Recommendation M97-01

Reassessment of the Responses to Marine Safety Recommendation M97-01

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Periodic Inspection of Liferafts

Background

On 10 April 1995, the Hili-Kum down flooded and sank off the coast of Moresby Island, B.C. The three crew members abandoned the vessel, and boarded a liferaft which capsized several times. Two of the crew succumbed to hypothermia and drowned.

The liferaft on-board the Hili-Kum had not been inspected annually by a technician from an accredited service depot and Transport Canada (TC) had not detected this non-compliance. The Board had previously expressed concern that the requirement to have liferafts serviced annually is frequently ignored and that the practice of many fishermen to have their liferafts tested only during the vessel's quadrennial inspection apparently is often tolerated by the regulatory authorities.

The Board concluded its investigation and released report M95W0013 on 04 July 1997.

Board Recommendation M97-01 (04 July 1997)

Given that failure to perform the annual servicing permits defects to go undetected and uncorrected, thereby unnecessarily jeopardizing the crews' chances of survival in emergency situations at sea, the Board recommended that:

The Department of Transport implement procedures to verify that liferafts on all vessels including fishing vessels are serviced as required by the Life Saving Equipment Regulations.

M97-01

Response to M96-15 (23 September 1997)

The Minister of Transport agrees with the intent of the recommendation. Transport Canada does validate inspections by ensuring the liferaft has a valid and current inspection certificate during the quadrennial survey mandated by the Small Fishing Vessel Inspection Regulations. The yearly check requirement under the LSE (Life Saving Equipment) Regulations is being re-examined by the Department. There are concerns that the current procedure may be more harmful due to unfolding and refolding of the units, than beneficial. There is a Transport Canada Research and Development project to evaluate this procedure and the results of this project will be transmitted to the Board upon completion.

In addition, as part of the current exercise of developing construction standards for small commercial vessels, one of the monitoring mechanisms being contemplated is a self check inspection record. Liferaft servicing could be added as part of the process. This represents a potential avenue for achieving the objective of the recommendation at a lesser cost.

Board Assessment to the Response to M97-01 (28 November 1997)

The response indicated agreement with the intent of the recommendation and stated that TC does validate inspections during a quadrennial survey. However, the response also indicated that the practice of checking liferafts yearly is being re-examined by the Department. In follow-up discussions with TC, TSB staff learned that the Transportation Development Centre (TDC) is currently financing a R&D project to evaluate the benefit of yearly inspections. One objective of this project is to evaluate the consequences of implementing a two or three year cycle for liferaft inspection. The current one year cycle is costly for vessels operating on a seasonal basis, and there is concern that this cycle may be causing unnecessary wear and tear on the liferafts. Moreover, new technologies, such as vacuum packing and longer life batteries, may allow for extended inspection intervals. This R&D project is scheduled to take five years to complete; the results of the project will be provided to the Board when they become available.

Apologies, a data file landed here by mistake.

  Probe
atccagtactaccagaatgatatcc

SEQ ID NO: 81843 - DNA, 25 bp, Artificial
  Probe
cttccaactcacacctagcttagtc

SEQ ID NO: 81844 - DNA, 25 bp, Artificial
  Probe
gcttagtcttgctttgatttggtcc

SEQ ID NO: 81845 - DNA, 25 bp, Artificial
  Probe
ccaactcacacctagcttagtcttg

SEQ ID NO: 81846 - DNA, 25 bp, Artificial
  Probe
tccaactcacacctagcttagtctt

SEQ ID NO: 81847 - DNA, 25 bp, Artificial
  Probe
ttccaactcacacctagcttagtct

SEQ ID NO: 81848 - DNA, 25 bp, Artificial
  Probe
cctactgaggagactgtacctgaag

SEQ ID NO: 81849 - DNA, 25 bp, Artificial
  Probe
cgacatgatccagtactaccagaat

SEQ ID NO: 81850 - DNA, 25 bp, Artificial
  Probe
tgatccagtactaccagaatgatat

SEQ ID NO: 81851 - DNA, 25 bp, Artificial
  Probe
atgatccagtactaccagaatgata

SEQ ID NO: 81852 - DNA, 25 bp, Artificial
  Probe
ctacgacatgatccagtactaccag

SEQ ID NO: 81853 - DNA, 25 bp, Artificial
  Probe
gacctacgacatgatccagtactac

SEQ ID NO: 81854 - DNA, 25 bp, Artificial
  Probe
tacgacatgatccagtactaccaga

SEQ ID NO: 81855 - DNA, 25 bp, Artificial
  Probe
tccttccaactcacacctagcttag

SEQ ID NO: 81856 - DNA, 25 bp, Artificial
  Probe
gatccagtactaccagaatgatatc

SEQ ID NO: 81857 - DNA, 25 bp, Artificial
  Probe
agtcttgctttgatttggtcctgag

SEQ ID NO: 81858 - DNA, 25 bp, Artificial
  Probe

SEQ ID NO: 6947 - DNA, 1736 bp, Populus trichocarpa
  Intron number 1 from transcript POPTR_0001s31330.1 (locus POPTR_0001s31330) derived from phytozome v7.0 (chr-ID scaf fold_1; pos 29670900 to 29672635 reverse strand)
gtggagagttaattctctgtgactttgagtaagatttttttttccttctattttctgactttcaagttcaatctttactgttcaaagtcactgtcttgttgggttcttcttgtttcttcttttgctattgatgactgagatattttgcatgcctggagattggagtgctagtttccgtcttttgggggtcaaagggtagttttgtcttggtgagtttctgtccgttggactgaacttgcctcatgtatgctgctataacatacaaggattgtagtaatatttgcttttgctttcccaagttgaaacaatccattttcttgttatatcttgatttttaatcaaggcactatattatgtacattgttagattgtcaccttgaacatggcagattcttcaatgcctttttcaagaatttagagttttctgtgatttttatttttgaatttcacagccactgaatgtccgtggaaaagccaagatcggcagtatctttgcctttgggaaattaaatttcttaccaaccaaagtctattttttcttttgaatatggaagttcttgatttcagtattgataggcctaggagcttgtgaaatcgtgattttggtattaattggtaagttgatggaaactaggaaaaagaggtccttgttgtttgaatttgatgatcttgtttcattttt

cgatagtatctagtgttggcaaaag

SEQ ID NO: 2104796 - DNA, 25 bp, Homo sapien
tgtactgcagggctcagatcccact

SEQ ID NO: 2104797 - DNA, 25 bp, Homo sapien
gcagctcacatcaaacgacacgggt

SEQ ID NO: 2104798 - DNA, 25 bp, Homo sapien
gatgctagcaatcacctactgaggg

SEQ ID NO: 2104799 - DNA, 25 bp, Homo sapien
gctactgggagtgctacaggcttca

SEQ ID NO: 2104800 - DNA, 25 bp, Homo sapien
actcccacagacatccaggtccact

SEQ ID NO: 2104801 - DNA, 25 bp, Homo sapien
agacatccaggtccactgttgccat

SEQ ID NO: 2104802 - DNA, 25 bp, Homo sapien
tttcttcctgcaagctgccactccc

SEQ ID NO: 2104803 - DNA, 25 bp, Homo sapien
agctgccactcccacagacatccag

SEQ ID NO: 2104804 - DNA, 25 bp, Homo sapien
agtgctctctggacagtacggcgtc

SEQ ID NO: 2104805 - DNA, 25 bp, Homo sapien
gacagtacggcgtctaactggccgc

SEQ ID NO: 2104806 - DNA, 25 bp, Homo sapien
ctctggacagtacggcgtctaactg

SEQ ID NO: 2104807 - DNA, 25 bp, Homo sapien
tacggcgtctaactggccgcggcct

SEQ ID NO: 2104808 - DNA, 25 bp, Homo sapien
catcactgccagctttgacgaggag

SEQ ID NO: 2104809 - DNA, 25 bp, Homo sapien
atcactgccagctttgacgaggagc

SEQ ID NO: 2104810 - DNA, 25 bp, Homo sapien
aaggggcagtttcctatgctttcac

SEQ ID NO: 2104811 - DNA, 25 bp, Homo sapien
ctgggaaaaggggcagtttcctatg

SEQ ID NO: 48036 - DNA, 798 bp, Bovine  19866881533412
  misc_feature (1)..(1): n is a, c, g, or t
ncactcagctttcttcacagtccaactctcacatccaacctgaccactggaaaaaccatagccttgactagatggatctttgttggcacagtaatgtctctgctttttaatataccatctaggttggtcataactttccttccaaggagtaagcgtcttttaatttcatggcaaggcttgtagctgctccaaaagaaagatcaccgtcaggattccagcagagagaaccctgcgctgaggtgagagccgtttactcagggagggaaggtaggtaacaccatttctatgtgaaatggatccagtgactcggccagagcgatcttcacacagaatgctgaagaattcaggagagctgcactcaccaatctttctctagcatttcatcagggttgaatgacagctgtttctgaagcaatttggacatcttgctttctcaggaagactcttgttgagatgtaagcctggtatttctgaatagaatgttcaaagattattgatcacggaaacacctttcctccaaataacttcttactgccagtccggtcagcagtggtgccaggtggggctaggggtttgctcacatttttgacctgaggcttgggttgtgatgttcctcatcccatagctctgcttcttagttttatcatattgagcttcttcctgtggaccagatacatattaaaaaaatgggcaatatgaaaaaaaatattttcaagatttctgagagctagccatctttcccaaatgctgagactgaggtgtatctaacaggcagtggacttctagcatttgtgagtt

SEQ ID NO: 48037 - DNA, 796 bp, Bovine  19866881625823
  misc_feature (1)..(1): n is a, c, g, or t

The TC reply also makes mention of a self check inspection record; however, in follow-up, it was found that TC does not have any specific plan as to how and when this concept will be implemented.

It is recognized that the on-going R&D project could result in determining that inspections may not be required at one year intervals. However, TC has not addressed the deficiency with respect to ensuring that these inspections are done regardless of the inspection cycle. Given that liferafts that do not meet current safety standards will likely remain in service for some time, and that the likelihood of defects going undetected as a result of missed inspections remains, the response is therefore considered Unsatisfactory.

Board Reassessment of the Response to M97-01 (15 September 2004)

TC has published an amendment to the LSE Regulations extending the service interval to two years for seasonally operated vessels. Further amendments add other life rafts not seasonally operated to go to a 30-month service interval with the agreement of the manufacturer and TC and are now in force. This amendment applies to domestic vessels only, not fishing vessels. The Life Raft Service Interval Project was finalized in December 2003.

The response is considered Satisfactory in Part.

Board Reassessment of the Response to M97-01 (07 December 2005)

TC has published an amendment to the Life Saving Equipment Regulations extending the service interval to two years for seasonally operated vessels. Further amendments to add other life rafts not seasonally operated to go to a 30-month service interval with the agreement of the manufacturer and TC and are now in force. This amendment applies to domestic vessels only, not fishing vessels. The Life Raft Service Interval Project was finalized in December 2003. At present fishing vessels 15 gross tons and less are not subject to mandatory periodic inspections. A new compliance regime, the Small Fishing Vessel Monitoring and Inspection Program is being proposed for all small fishing vessels. The proposed program will make use of random inspections and promote self-monitoring. If fully implemented, the proposed action will substantially reduce the risks associated with unserviced liferafts on board uninspected fishing vessels.